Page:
I took my wife to a doctor’s appointment this afternoon. After completing her paperwork (what decade is this, again?), she proceeded to whip out her MacBook Air for a bit of school planning in the waiting room. After connecting to the open guest Wi-Fi network and then logging into the captive portal with the credentials displayed on the office check-in counter, it made me so proud to watch her fire up her virtual private network (VPN) client before returning to her Google Doc. My wife was about to build a tunnel for her data from the comfort of a hard waiting room sofa. Internet users should protect their cyber-selves through VPN tunnels just as El Chapo protected his business from law enforcement with physical tubes.
Tunneling Through the LAN
Most Internet users have heard of the dangers when connecting to public Wi-Fi hotspots at the local Starbucks or Hipsterbrew. Since Wi-Fi signals are traveling through the air, any device with the network’s password can snoop on what you are doing. Using sites with TLS encryption (HTTPS) does scramble the data; however, snoopers can still see what sites you visit and any data sent or received via standard HTTP communication. By building an encrypted “tunnel” from your device to the VPN’s node somewhere out on the Internet, you prevent any local devices from peeking at your bank statements.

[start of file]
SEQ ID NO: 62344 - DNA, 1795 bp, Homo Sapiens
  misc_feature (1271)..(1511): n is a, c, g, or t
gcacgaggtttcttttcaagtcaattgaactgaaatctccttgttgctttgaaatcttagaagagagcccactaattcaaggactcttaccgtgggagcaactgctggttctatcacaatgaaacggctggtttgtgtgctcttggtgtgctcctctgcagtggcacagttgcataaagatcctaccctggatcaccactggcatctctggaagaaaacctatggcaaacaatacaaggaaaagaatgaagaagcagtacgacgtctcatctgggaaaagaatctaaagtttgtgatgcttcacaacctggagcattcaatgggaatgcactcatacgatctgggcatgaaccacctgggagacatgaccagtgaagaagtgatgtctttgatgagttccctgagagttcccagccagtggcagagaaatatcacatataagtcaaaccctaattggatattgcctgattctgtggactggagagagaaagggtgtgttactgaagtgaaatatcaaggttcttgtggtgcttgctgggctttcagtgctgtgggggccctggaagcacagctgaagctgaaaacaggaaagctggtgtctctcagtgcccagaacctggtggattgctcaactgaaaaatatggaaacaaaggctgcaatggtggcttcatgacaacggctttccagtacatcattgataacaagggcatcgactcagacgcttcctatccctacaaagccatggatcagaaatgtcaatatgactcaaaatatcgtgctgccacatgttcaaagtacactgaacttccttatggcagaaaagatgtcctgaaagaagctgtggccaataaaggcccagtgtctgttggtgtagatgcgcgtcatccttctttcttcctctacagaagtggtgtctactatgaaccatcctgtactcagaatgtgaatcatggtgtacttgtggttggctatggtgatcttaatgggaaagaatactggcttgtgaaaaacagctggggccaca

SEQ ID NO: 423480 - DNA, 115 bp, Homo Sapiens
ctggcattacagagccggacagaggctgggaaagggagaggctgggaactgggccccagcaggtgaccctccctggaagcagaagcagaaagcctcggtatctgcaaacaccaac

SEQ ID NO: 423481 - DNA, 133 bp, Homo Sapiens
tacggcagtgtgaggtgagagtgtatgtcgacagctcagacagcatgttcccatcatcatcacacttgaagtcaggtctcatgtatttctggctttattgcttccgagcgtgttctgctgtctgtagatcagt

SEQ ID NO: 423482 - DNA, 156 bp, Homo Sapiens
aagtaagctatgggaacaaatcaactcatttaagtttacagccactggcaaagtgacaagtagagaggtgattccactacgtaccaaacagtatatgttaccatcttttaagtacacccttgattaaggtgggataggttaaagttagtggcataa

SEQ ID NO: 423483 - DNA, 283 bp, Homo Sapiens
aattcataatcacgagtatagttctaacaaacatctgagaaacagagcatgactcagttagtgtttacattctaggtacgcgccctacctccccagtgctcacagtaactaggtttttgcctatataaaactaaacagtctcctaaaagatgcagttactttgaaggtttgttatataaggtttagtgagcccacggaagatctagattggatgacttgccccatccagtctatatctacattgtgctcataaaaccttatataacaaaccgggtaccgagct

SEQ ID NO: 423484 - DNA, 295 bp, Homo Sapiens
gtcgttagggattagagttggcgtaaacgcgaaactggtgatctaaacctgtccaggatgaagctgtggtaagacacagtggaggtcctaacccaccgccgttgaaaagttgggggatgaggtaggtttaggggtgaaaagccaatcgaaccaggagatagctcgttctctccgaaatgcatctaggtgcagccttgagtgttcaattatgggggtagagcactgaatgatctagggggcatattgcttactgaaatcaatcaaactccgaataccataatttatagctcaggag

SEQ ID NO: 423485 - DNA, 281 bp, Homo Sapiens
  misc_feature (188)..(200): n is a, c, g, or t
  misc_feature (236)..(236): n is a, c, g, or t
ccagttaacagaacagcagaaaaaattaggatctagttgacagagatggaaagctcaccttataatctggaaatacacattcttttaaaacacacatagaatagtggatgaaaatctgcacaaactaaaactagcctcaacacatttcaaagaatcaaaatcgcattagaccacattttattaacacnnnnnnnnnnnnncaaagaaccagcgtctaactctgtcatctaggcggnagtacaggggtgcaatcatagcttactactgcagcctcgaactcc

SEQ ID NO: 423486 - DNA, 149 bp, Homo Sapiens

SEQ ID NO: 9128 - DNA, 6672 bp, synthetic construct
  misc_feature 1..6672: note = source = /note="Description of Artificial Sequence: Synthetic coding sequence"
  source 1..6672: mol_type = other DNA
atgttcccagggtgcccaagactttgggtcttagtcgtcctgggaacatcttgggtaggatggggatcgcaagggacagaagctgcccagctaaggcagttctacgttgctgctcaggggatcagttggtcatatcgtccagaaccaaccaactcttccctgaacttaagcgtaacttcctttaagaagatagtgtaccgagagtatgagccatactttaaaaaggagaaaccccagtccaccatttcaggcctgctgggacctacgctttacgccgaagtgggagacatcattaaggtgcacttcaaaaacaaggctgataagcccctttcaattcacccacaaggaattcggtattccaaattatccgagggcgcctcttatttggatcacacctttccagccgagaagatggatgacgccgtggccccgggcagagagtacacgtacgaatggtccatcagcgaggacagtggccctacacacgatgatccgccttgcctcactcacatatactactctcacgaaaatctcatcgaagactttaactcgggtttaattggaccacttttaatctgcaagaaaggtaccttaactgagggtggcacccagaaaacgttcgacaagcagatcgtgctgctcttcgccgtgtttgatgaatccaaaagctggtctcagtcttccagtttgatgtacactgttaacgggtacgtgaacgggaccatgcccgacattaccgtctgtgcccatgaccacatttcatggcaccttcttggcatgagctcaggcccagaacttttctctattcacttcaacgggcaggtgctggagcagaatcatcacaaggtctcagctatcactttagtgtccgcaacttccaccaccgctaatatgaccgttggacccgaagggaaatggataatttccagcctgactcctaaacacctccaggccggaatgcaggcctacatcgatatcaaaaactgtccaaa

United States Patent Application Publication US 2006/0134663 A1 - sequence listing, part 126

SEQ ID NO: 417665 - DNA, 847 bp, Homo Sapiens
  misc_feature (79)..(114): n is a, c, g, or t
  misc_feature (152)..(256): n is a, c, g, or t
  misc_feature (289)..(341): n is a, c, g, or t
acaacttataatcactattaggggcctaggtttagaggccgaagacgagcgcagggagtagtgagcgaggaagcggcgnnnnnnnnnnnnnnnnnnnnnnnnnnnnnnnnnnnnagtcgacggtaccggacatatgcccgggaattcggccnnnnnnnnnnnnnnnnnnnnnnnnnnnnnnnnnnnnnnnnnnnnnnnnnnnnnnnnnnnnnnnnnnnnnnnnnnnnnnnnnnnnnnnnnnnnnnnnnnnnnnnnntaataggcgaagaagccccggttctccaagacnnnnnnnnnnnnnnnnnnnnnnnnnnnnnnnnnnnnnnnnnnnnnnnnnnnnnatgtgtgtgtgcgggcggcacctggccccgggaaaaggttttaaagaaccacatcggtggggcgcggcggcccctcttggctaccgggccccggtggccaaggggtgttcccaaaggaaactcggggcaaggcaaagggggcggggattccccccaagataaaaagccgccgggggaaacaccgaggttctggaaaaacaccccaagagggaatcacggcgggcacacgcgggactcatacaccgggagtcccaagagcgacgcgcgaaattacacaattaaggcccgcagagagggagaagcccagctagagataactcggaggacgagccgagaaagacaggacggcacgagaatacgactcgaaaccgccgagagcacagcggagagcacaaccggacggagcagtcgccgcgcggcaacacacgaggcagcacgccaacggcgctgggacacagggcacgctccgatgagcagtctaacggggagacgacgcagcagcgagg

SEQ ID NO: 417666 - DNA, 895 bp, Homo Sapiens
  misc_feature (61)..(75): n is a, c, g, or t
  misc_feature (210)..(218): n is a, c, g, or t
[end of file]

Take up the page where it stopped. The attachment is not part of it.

Tunneling Through the Pipes
Stay with me; this is a bit meta. You see, for-profit businesses run the “pipes” that connect the wireless router or LTE antennae to the Internet. When you connect to a tube and turn on the faucet of data to and from your device, all of that data can be technically snooped on by the Internet service providers (ISPs) that are operating that pipe. Again, that HTTPS connection does prevent most sensitive data from being snooped on (for the most part, more on MITM attacks later). However, an ISP, its business partners, and the NSA can still mine a significant amount of data about you. So, the solution is to create a tunnel inside the ISP’s pipes via a VPN.
Disclaimer: I do not condone the illegal actions of El Chapo or the use of VPNs for unlawful or immoral acts.